photo credit: Caucas

Three months ago, an organization called Equality Utah launched a campaign they titled the Common Ground Initiative. This initiative is a package of bills being considered in Utah’s current legislative session, each of which confers some additional privileges and opportunities to homosexual couples.

Proponents of these bills are implementing one of the most successful and subtle tactics in changing public opinion and shaping public policy: gradual subversion. Were these same individuals to come out and actually reveal their end game—the government-mandated acceptance and implementation of homosexual marriage in the state of Utah—citizens would soundly reject the proposal by a landslide majority.

Instead, gradual subversion is used to slowly chip away at the traditional definition of marriage through small steps and a distracted, ambivalent community. In this way, Equality Utah and their brethren in arms are taking a page right out of California’s recent history books. The California Supreme Court’s radical decision that mandated homosexual marriage in that state could not and would not have ever occurred had there not been a previous conferral of privileges and opportunities to homosexual couples (”civil unions”) that equated in almost every way to heterosexual marriages. By laying the foundation for so-called “equal” rights in that state, and by successfully obtaining a government-created civil union that mirrored marriage in every way except name alone, the Court had some small sliver of a reason by which to argue for the full-out provision of genderless marriage. After all, if homosexual civil unions and heterosexual marriages differ only in their label, then what substantial difference is there, if any?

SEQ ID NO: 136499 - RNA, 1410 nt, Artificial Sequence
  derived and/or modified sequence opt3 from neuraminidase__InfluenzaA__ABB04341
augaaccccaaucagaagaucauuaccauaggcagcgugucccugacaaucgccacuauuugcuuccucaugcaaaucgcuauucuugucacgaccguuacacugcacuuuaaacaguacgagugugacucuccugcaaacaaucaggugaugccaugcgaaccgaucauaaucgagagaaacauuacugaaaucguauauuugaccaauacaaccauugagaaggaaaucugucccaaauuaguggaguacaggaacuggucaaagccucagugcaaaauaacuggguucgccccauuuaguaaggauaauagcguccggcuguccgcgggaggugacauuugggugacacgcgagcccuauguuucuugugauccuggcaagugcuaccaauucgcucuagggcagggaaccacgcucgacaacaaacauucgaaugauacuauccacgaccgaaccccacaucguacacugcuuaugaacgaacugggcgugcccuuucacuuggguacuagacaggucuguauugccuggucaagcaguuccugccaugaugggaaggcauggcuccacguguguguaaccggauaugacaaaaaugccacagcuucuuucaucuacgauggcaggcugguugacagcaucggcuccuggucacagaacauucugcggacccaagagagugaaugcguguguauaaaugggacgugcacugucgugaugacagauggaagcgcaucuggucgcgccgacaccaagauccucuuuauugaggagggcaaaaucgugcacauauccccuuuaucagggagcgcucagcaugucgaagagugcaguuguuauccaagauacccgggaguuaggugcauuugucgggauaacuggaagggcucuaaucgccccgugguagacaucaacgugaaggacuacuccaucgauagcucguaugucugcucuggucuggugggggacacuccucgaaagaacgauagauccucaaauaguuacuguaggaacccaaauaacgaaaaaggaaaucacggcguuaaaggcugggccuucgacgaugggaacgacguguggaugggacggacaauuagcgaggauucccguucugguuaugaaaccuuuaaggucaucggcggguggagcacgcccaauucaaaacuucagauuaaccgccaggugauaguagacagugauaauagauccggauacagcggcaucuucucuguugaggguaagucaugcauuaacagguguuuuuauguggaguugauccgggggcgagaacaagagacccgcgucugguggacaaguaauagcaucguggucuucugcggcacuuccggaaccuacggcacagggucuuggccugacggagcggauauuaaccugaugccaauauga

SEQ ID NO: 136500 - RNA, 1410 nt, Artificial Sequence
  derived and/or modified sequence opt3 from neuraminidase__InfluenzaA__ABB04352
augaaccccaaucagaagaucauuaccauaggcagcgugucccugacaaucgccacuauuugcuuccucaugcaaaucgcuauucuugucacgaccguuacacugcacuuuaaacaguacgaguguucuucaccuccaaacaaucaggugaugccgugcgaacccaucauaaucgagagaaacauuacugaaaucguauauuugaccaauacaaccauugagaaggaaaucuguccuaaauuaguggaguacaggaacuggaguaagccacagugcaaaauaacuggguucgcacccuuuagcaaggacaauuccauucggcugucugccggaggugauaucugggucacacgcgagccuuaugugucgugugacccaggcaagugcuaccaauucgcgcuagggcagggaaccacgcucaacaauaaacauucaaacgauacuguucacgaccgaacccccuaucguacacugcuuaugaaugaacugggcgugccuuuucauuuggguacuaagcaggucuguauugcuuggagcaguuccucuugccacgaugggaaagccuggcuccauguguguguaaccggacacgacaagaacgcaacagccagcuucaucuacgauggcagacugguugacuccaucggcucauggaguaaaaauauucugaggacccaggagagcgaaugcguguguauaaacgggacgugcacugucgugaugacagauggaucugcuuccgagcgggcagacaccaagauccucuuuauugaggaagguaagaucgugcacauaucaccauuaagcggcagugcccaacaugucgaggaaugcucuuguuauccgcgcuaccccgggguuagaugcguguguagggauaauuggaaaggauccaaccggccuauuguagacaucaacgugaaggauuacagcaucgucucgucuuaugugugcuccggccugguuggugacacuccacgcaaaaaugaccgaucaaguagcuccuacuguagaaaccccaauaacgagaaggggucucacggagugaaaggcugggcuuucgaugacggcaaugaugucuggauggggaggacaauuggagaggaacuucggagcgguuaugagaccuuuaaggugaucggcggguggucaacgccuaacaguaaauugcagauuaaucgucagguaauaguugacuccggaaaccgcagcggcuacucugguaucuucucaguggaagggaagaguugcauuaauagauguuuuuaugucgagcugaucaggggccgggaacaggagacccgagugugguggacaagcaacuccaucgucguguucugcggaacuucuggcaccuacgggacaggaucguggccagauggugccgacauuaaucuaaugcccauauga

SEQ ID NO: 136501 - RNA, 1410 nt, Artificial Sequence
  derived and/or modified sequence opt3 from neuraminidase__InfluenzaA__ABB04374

Californians have now twice rejected by popular vote the decision to so alter the union of marriage. But behind the scenes, a slow and steady erosion was gradually taking place through the continual bestowal of “rights” upon homosexual couples who desired the same incentives and opportunities already afforded to their heterosexual counterparts. Had this subterfuge been recognized for what it was and stopped short, the Court’s decision would have simply remained a fantasy in the minds of the California homosexual community.

But now California’s playbook is open and unfolded to the country at large, and some Utahns are using its pages as a playbook for their own political ploy—thus, the Common Ground Initiative. Ironic it is, that the word “common” would be selected, since by using government to mandate genderless marriages, the institution itself does indeed become common. No longer held as special, granted societal privilege, or conferred any unique status, the partnership once held by many as sacred would indeed become common; if marriage can mean anything, then it means nothing.